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Bench Unfair Judge Picking Process Now

Published: May 3, 2006

New York Daily News
Wednesday, May 3, 2006

Bench Unfair Judge Picking Process Now
By James E. Johnson and Cristina Rodrguez

New York’s system of selecting trial court judges rewards influence, insiders and cronyism. Predictably, that system fails to produce a bench with racial and gender diversity, which are the prerequisites for fair decision-making and equal opportunity.

New York is one of 33 states that elects its general jurisdiction trial court judges in contestable elections. Every single one of the other 32 states allows candidates to compete for their party’s nomination (or a place on a nonpartisan election ballot) by filing notice, paying a small fee or gathering signatures directly among party voters. Not so in New York. Although the New York Constitution guarantees that “the justices … shall be chosen by the electors [i.e., the voters] of the judicial district in which they are to serve,” justices are selected through a de facto appointment system controlled by political party insiders.

What happens when a good old boys network controls who ultimately serves on the state’s highest trial courts? Consider the ordeal of Surrogate’s Court Judge Margarita Lpez Torres, the plaintiff who successfully challenged New York’s judicial selection system.

The Puerto Rico-born Lpez Torres refused to do the party leaders’ bidding, and therefore was repeatedly thwarted in her efforts to earn the Democratic nomination to the office of Supreme Court justice. In January, a federal court struck down the judicial selection system, ruling that it violated the rights of New York’s voters and candidates like Judge Lpez Torres.

According to the court, Judge Lpez Torres “demonstrated … that indisputable qualifications for the job and immense popularity among the candidate’s fellow party members are neither necessary nor sufficient to get the party’s nomination. Something different is required: the imprimatur of the party leadership.”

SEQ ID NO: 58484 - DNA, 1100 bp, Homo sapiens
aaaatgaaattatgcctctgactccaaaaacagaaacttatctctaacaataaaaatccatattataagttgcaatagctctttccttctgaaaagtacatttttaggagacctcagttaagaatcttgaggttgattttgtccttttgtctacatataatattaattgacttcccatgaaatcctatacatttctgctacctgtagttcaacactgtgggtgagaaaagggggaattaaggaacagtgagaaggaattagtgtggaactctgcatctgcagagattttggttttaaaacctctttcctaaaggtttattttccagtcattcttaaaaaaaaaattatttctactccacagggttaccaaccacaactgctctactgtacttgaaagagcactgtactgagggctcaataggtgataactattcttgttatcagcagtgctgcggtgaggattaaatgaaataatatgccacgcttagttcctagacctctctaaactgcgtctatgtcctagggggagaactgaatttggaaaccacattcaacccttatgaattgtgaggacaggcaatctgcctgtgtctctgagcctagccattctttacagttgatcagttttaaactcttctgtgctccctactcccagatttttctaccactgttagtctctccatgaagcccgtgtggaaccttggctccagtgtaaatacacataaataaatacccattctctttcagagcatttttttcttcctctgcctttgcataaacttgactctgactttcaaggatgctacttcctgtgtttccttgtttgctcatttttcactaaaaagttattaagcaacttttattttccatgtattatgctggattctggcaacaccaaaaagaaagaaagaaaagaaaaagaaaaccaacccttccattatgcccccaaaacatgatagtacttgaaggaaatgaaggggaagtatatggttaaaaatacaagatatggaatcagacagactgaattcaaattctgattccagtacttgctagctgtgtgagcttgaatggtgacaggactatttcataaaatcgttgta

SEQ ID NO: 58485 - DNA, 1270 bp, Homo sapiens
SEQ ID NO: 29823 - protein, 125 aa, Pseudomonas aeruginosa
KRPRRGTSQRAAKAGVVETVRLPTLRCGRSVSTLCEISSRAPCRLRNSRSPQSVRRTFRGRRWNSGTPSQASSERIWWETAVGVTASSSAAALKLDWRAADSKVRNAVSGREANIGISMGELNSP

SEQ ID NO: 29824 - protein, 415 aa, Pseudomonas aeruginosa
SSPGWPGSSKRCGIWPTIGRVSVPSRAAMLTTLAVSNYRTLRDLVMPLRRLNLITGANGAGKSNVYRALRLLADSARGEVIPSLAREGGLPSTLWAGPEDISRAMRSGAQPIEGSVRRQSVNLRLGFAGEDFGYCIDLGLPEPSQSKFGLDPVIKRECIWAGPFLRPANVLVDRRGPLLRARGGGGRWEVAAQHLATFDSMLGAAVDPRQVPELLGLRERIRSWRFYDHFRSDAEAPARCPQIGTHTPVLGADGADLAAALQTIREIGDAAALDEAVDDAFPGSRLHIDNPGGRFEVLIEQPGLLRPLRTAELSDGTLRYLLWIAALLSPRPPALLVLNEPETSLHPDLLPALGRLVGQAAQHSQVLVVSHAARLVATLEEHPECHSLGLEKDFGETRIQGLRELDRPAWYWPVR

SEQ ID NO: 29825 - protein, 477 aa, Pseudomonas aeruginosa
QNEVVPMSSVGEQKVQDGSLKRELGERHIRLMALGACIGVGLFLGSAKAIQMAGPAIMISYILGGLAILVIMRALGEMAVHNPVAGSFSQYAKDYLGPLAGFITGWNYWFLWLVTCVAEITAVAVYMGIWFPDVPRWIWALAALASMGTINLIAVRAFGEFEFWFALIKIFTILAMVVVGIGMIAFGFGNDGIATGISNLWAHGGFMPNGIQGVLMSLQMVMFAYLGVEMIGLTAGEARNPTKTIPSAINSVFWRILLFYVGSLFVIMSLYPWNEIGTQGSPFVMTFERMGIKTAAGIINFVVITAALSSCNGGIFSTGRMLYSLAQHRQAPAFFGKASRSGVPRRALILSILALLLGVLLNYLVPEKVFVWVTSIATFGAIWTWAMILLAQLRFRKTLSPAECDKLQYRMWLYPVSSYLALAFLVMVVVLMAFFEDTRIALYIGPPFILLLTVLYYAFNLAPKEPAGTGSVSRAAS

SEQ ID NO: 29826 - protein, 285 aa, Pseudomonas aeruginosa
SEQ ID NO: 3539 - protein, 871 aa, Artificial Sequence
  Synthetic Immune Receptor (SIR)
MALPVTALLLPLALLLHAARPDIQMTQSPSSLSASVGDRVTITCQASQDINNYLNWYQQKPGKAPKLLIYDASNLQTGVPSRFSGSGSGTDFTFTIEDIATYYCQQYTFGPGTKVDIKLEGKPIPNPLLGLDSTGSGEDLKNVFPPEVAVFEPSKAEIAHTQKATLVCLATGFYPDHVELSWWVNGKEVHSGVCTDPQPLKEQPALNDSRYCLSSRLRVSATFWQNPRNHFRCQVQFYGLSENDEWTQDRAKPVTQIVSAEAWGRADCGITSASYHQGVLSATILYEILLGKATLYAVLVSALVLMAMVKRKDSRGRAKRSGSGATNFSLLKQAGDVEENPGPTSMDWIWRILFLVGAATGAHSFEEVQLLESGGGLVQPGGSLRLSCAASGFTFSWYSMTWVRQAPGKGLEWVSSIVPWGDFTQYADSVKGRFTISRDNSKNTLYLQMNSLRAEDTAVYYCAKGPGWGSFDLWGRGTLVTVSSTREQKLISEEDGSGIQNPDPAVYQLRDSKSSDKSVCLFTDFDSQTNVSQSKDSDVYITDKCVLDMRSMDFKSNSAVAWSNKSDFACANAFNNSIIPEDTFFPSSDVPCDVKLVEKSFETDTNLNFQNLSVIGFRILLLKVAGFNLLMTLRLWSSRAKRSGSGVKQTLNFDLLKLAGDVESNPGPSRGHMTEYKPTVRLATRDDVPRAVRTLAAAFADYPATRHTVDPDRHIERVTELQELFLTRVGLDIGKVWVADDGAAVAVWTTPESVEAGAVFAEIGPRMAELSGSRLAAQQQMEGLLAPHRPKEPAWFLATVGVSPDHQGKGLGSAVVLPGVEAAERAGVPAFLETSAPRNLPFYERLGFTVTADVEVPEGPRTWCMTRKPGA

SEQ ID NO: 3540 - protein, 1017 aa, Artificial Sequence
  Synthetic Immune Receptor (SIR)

A closed, de facto appointment system means that thecomposition of the bench will fail to reflect the racial diversity of our state. Back in 1992, the New York State Task Force on Judicial Diversity warned that a “major cause of lack of diversity on the judiciary is the closed nature of the system now used in New York to elect [Supreme Court] judges.” Fourteen years later, the system for selecting trial court judges is still closed. And in five of New York State’s 12 judicial districts, there is not a single minority Supreme Court justice.

In Manhattan, 44% of sitting justices are minorities. But Manhattan’s record is the exception, not the rule: Persons of color serving as Supreme Court justices in this one county make up 92% of the statewide total of minority justices.

And the closed system has failed to bring about gender diversity. In 2002, the New York State Committee on Women in the Courts cited statistics showing that the Supreme Court had a lower percentage of women on thebench than any other court in New York State, except for the upstate county courts: 17% statewide.

Continued support for New York’s unconstitutional status quo runs counter to the goals of democracy. The time has come to create a judicial selection system that places judicial qualifications ahead of political patronage and opens the door to racial and gender diversity.

James E. Johnson is the chairman of the board of directors of the Brennan Center for Justice at NYU School of Law. Cristina Rodrguez is an assistant professor at NYU School of Law and serves on the Brennan Center’s board of directors.